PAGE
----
I have worked in many Mexican restaurants with Spanish native speakers from Mexico to South America, and I have worked in upscale restaurants where the majority of the kitchen was of the same makeup, like Country Clubs, etc ... Chefs, trained chefs, (one in particular a Gold medal winning native Spanish speaker), will sometimes make a distinction between a "Yellow lemon", (inedible when unripe or green), that never changes to green, (what we see in the grocery store here in the States), and a "Green lime" that will eventually ripen to a dusky yellow but is totally edible, and sometimes preferred in its mature, yet still green condition. Limes are small, lemons are mostly larger. But even trained native Spanish speaking chefs don't particulary take pains to distinguish between them verbally. They are all "limón" but sometimes are qualified with size and color words. In rare cases, I have heard chefs and their cooks and staff get a bit frusterated with one another when there are both "American lemons" and "small green limes" in the same kitchen and there is a person asking for "limes". But usually, whatever is requested, a lime, or a lemon, invariably one or the other will be hurled at you, especially if you are a waiter or working on the front end.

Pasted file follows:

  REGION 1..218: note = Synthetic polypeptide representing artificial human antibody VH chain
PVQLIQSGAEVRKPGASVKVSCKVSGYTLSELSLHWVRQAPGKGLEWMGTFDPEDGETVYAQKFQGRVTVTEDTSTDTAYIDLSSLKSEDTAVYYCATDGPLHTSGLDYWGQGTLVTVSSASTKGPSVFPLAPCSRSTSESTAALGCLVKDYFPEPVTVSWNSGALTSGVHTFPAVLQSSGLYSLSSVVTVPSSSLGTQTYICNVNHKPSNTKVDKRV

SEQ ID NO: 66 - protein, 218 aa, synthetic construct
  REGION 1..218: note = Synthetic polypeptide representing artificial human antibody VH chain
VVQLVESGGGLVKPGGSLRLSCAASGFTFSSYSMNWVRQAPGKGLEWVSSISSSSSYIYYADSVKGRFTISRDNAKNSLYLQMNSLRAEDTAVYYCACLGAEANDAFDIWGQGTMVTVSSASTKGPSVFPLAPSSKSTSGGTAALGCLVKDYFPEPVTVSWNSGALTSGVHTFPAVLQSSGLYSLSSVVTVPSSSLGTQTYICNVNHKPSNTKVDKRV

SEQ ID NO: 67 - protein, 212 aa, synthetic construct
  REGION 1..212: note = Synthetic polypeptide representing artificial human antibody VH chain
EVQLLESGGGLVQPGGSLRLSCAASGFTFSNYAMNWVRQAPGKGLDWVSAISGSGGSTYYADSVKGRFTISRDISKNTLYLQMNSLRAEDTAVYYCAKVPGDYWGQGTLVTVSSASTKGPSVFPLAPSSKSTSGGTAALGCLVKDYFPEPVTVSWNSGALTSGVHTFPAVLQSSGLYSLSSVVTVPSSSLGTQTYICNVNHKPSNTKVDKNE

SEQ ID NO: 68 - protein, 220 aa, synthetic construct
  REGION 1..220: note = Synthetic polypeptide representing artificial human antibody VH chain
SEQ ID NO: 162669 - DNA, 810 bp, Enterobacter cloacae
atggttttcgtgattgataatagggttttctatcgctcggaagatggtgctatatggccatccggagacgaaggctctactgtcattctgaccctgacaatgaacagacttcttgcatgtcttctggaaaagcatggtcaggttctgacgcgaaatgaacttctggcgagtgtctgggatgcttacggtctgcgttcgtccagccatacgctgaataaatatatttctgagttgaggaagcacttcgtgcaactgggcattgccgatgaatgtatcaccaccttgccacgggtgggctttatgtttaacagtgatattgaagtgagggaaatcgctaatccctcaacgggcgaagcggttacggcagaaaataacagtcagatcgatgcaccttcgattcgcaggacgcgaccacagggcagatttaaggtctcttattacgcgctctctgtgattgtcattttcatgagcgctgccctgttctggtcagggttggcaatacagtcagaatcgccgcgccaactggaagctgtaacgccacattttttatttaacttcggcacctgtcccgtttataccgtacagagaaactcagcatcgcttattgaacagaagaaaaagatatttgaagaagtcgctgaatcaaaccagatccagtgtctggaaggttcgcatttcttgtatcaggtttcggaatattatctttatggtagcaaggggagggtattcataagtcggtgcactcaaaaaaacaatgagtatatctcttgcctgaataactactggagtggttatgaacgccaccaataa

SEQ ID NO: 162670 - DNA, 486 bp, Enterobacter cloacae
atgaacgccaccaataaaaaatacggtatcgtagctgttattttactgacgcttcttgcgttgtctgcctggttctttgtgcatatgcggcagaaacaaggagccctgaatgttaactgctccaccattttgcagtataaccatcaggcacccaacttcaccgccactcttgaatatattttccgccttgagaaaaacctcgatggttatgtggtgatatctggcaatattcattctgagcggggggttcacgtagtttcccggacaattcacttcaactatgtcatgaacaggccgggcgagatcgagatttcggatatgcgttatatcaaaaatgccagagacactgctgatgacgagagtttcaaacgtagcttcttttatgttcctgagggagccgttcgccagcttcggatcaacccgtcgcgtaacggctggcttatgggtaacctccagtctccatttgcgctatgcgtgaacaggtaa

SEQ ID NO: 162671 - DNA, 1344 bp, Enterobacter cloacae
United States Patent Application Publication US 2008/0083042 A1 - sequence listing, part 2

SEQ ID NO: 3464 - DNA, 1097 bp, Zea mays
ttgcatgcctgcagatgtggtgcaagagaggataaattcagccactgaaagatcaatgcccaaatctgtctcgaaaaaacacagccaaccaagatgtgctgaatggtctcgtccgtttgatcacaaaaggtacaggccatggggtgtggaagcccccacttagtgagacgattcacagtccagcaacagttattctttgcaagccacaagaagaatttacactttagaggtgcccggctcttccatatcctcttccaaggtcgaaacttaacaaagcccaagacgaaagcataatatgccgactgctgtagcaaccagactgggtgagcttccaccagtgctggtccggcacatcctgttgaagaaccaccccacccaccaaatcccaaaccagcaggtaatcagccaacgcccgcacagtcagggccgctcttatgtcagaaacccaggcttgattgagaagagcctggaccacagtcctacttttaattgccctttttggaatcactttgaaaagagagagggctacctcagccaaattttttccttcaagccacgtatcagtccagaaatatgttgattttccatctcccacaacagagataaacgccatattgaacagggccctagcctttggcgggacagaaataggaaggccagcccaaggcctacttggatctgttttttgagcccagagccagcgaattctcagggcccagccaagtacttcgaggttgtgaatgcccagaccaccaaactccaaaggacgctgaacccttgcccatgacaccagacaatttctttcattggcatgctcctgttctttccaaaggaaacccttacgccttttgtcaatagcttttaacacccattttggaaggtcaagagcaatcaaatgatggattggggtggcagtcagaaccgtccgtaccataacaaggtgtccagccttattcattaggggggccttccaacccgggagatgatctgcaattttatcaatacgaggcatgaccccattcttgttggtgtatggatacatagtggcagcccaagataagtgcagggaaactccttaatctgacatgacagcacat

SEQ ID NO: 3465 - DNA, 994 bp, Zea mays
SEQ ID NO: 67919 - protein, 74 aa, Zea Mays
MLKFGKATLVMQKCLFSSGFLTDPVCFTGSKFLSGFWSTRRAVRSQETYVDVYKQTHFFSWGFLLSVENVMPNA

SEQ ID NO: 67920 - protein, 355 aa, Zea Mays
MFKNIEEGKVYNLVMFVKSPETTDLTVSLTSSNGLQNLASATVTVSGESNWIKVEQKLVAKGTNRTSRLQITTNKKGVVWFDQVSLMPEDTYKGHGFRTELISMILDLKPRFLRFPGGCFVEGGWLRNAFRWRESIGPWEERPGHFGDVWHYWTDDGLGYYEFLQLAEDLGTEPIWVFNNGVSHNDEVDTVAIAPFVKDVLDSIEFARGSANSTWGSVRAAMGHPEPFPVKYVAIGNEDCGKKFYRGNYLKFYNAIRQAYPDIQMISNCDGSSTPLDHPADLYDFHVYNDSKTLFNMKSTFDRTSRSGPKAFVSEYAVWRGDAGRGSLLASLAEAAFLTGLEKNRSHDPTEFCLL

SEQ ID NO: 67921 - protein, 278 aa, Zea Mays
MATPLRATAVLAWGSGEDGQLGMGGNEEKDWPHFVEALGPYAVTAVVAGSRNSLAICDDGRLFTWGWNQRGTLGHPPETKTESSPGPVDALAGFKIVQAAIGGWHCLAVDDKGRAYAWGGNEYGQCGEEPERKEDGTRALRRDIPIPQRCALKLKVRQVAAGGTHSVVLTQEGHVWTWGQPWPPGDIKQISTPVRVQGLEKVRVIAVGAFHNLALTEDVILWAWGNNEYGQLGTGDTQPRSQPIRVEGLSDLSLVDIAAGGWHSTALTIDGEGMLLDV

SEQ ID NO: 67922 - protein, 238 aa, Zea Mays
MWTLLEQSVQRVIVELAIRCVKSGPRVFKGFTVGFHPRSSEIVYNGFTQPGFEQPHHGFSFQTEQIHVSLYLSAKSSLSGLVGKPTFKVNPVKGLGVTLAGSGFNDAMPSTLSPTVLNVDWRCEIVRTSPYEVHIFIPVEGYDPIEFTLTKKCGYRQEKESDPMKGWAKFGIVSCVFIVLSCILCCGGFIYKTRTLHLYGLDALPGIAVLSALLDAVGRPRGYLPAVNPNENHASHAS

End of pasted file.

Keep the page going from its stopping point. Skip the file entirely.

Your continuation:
That's exactly (minus the specifics) where I got my information, too. During college I waited tables and would often practice Spanish with the guys cooking in the back- and it was great for comprehending the vast differences between Latin American dialects and accents when they would argue about what vocabulary I should be learning. But they all pretty much called limes and lemons "limón", so I'd need to ask specifically for a green one or a yellow one. It was a nice restaurant, but we didn't have any medal winners, which is possibly why I didn't get the level of distinction in conversation about it like you did.